President Trump threatened to "immediately" cut off foreign aid for Honduras if the government allowed a caravan of thousands of migrants to reach the United States. This is the latest example of Trump leveraging our status as the best and most powerful country in the world in order to further our interests on a national and international stage.

This is not the first time this administration has used our foreign aid as a bargaining chip to put a less powerful country or institution in a position where they must cave to our requests. Trump used it while attempting to bring the Palestinian Authority to the table for peace talks, as well as when he threatened to both leave and cut funding for the U.N. because of their blatant anti-Israel, “anti-democracy” practices.

The effectiveness of this tactic has not yet been able to play out, but suffice it to say that this has become one of the favorite new strategies pursued by Trump and his administration.

Is this a bad thing? Absolutely not. The U.S. has given more than $175 million dollars to Honduras in 2016 and 2017, we used to be the largest donor in the world to the Palestinian Authority, and despite there being 193 countries in the U.N., the U.S. pays 22 percent of the institution's entire budget. Quite frankly, we shouldn't prop up countries and institutions which actively take part in undermining our mission as a nation. In the past we have, but the tide seems to be turning under Trump.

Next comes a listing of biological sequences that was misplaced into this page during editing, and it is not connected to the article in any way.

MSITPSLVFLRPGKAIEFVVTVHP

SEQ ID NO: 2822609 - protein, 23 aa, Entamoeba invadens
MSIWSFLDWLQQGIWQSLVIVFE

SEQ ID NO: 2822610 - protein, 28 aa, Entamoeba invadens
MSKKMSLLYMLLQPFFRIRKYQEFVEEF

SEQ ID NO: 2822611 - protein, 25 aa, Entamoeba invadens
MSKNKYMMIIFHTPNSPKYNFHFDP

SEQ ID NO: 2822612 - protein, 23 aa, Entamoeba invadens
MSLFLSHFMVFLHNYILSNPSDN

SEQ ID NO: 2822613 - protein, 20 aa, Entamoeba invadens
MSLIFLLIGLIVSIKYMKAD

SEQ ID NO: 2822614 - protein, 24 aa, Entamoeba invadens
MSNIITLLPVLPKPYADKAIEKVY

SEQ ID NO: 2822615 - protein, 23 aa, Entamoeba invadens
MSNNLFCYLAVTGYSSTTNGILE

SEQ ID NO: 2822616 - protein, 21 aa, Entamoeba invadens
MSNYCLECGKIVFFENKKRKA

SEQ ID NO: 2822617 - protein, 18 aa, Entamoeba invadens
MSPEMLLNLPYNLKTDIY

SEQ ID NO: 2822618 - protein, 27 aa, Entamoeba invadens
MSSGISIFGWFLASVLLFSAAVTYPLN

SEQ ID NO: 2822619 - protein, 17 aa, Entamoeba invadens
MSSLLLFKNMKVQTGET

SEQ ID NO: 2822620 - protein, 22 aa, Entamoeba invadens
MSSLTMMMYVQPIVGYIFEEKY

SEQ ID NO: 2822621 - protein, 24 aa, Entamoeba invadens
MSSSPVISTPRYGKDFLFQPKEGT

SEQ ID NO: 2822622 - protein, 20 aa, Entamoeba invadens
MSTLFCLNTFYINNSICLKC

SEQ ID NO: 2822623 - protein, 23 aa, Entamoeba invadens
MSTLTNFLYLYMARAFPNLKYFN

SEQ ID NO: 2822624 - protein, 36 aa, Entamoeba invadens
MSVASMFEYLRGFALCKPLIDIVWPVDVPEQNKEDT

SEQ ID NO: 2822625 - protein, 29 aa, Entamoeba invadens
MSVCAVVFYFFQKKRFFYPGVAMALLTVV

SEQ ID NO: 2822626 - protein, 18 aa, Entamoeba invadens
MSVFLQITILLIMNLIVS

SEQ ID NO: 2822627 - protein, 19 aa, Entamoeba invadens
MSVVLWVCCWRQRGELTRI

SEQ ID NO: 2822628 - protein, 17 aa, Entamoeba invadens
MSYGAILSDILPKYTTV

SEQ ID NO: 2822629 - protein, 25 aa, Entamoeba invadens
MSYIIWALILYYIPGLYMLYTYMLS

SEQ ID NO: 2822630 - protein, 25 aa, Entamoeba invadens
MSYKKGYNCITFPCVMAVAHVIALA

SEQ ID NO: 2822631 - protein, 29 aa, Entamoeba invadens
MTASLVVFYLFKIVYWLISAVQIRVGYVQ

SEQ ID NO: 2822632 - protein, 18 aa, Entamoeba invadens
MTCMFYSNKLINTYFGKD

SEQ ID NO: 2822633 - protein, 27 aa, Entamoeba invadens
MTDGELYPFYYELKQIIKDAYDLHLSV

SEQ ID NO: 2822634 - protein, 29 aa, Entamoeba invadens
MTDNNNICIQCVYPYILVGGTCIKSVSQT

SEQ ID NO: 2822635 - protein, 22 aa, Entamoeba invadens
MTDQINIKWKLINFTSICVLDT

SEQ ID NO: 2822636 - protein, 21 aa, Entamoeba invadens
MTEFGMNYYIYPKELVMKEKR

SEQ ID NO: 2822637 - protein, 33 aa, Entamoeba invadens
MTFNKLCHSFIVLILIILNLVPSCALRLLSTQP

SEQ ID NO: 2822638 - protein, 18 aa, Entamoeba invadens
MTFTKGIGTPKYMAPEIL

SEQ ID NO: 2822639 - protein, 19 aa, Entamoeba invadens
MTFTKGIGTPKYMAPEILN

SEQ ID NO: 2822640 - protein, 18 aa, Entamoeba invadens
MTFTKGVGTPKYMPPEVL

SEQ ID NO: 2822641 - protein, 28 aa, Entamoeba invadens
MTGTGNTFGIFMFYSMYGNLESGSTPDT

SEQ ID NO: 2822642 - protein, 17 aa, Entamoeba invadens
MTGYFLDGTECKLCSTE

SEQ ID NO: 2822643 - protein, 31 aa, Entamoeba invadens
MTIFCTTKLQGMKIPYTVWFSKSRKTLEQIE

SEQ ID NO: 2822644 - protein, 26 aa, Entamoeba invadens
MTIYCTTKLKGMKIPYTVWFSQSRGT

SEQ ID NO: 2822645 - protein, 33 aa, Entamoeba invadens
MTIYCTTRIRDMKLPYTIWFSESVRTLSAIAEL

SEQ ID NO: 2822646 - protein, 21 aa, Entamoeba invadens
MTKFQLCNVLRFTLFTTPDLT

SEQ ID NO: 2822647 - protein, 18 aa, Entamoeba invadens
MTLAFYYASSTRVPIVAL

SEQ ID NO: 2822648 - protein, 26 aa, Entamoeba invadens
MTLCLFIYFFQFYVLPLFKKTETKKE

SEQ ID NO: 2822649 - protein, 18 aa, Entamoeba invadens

Some may say that even if we disagree with the actions of a country, that does not justify taking aid away. Their argument is that the aid is going toward innocent civilians, and we should not harm the citizens of a country for the actions of their government. This argument, however, does not hold up regarding the recent situation with Honduras — out of the $127 million we gave Honduras in 2016, less than $4 million was allocated towards health and humanitarian causes.

With that said, Trump wants the U.S. to have a muscular role in the world, and his demonstration of willingness to put other countries on the hot-seat in order to best serve our nation is exactly what we need.

It is in our best interest to leave the U.N. Human Rights Council, as we did; it is in our best interests to cut aid for a terror group in Palestine which rejects the possibility of coming to the table in order to achieve peace, as we did; and lastly, it is in our best interests to cut the funding for a country which is allowing thousands of unidentified migrants to put the U.S. in a truly tough situation.

If President Trump wants to send a message, he is sure is doing that with these bold moves. He is saying that the U.S. will no longer accept, comply with, or fund countries, governments, and institutions which do not share our values, and continuously show our interests simply do not align.

This is the concept of “America First” in practice and in policy. If you are a country that wants to undermine the mission of the U.S., don’t expect that this administration will feel that they owe anything to you, because they don’t.

Jack Elbaum is a high school student at Highland Park High School in Illinois.